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Cat hoarding: Tale of 2 cities | News

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Cat hoarding: Tale of 2 cities
Photo credit: City of Las Vegas

LAS VEGAS -- Two women are in the same situation, but dealing with very different consequences. Both women were caught hoarding more than 100 cats. In both cases, most of the cats were so sick they had to be put down.

While one woman is facing criminal charges, the other got a house cleaning and is being put up in temporary housing. The difference between the two women has to do with where they live.

In both cases, neighbors and animal control describe the homes as a health hazard, with no air conditioning and limited water and food for the pets. Yet, when it comes time to file charges of cruelty, one has yet to see a judge.

In the middle of summer, it was well above 100 degrees inside the North Las Vegas home of Nathalie Back at 824 Harp Way. Animal control officers received complaints saying there were dozens of cats inside.

"The mere smell of ammonia and the ammonia levels in the home were through the roof," said North Las Vegas Police Sgt. Chrissie Coon. "On top of that, the mere fact that there wasn't enough food, or even water."

Officers expected to find maybe 30 cats, instead they found more than 100 cats and one dog.

"The majority of those animals had to be put down because they were just sick from the mere conditions of the home."

Beck has been charged with cruelty to animals.

The city attorney says Beck left the pets without a "sufficient supply of good and wholesome air"... "running water" ...  and surrounded by "pet urine and feces."

Officers also found "several sick kittens commingling with other cats."

"There's no possible way those animals can be cared for properly," Sgt. Coon said.

It was a very similar situation in Las Vegas in June at 1417 Lucaccini Lane.

"It's been torture. I found out about a month after I moved in, there was a woman next door hoarding cats," said neighbor Cindy Miller. 

"I'm worried about my property, worried about the contamination in all of the yards," said Cynthia Snodgrass, another neighbor.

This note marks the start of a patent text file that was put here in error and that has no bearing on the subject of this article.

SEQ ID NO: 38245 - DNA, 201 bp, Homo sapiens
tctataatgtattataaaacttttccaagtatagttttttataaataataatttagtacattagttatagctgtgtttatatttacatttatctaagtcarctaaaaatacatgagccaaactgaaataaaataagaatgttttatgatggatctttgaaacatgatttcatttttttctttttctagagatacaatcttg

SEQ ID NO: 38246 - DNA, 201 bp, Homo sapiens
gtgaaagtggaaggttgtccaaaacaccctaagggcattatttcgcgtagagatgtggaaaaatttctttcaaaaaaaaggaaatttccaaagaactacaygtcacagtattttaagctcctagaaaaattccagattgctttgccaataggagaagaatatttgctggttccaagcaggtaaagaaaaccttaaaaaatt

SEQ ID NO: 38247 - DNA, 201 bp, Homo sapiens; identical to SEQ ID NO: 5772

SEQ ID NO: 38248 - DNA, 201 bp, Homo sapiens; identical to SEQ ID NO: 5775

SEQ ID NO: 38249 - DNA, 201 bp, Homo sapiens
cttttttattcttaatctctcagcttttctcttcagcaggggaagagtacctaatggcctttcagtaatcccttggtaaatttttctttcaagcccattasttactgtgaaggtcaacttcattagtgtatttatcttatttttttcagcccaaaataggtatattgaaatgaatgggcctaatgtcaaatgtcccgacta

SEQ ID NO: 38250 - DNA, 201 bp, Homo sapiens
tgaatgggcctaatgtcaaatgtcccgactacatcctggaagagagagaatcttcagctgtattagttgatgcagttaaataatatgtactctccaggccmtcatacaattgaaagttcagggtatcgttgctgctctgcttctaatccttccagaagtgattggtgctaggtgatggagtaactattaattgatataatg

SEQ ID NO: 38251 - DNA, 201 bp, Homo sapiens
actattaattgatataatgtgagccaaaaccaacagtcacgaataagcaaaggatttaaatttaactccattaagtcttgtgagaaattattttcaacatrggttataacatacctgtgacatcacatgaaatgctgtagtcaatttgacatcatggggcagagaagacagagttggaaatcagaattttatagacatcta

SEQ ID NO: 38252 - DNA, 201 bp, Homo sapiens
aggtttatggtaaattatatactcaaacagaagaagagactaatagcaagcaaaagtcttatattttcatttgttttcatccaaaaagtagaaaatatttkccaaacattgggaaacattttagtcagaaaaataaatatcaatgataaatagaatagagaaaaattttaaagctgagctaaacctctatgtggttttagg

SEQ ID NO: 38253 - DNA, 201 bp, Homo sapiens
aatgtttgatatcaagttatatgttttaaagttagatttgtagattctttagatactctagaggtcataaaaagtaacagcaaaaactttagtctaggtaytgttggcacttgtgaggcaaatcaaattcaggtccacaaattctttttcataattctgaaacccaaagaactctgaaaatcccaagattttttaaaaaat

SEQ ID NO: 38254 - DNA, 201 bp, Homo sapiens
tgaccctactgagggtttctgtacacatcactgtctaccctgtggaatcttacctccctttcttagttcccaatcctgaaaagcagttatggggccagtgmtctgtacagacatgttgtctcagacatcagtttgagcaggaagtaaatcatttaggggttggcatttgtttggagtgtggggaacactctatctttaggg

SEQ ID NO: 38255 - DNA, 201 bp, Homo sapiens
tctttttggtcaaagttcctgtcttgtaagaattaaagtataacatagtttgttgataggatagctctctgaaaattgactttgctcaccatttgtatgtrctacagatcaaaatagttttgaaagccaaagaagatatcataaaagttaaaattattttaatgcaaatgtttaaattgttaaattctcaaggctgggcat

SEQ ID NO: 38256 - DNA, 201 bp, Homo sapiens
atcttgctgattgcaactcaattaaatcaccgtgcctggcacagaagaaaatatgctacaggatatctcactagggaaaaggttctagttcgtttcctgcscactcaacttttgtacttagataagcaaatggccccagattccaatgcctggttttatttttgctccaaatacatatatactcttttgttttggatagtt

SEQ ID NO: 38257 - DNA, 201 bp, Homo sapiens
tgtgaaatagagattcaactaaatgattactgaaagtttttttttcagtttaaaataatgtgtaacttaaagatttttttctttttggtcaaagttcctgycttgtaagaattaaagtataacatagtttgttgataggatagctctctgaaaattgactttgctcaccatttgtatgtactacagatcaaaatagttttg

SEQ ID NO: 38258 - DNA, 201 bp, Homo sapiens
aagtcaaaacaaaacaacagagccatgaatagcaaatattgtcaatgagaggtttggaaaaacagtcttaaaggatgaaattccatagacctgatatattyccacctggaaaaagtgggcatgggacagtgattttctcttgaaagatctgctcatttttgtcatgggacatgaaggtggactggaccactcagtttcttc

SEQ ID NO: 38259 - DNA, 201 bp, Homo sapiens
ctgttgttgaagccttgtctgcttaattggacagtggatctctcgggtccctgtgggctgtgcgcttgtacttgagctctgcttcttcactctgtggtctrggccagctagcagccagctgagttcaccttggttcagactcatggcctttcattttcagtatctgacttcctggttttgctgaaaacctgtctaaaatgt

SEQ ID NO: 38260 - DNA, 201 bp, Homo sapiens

City of Las Vegas Animal Control officers were sent to scope out the situation and found a "health hazard." Code enforcement reports show on June 5, the city told the owner "to stop feeding all feral cats." On June 15, an "officer found the smell of animal waste coming from the north side yard." By July 3, code enforcement found there was no air conditioning and "cat urine and feces were covering almost all interior areas of the home."

They ordered the owner, Diane Dejong, to clean up the home and seek medical attention for the cats. Most were euthanized. Reports show Dejong did remove a lot of the damaged surfaces, but code enforcement reports say she needed help.

The city stepped in to start cleaning and paid $1,700 to help move Dejong and her daughter into temporary housing. City workers say a lien will eventually be placed on the home.

8 News NOW asked the city of Las Vegas why criminal charges haven't been filed like they were against the woman in North Las Vegas.

A spokesperson decided not to put the city attorney or Councilman Bob Beers on camera, but did release a statement.

"The city has been working with the homeowner, and a contractor has been hired and is currently working to remediate the issues."

Animal advocate Stacia Newman says there are reasons why the cases might be treated differently.

"Sometimes they see the situation perhaps that the person has a behavioral disorder or maybe some type of mental illness which they would handle it from case to case a little differently," said Newman who is with Nevada Political Action for Animals.

But police in North Las Vegas say mental illness plays no role in whether they move forward with charges. They say it would be a judge that might take mental illness into account.

North Las Vegas police told 8 News NOW, in each case of hoarding, its up to the city to prove in court the animals suffered.

They say, until the law is changed to make just the act of hoarding a crime, it will remain difficult for them or any jurisdiction to bring cruelty charges quickly.

In the meantime, the city of Las Vegas has yet to prosecute similar cases.

Photo credit: City of Las Vegas
Photo credit: City of Las Vegas

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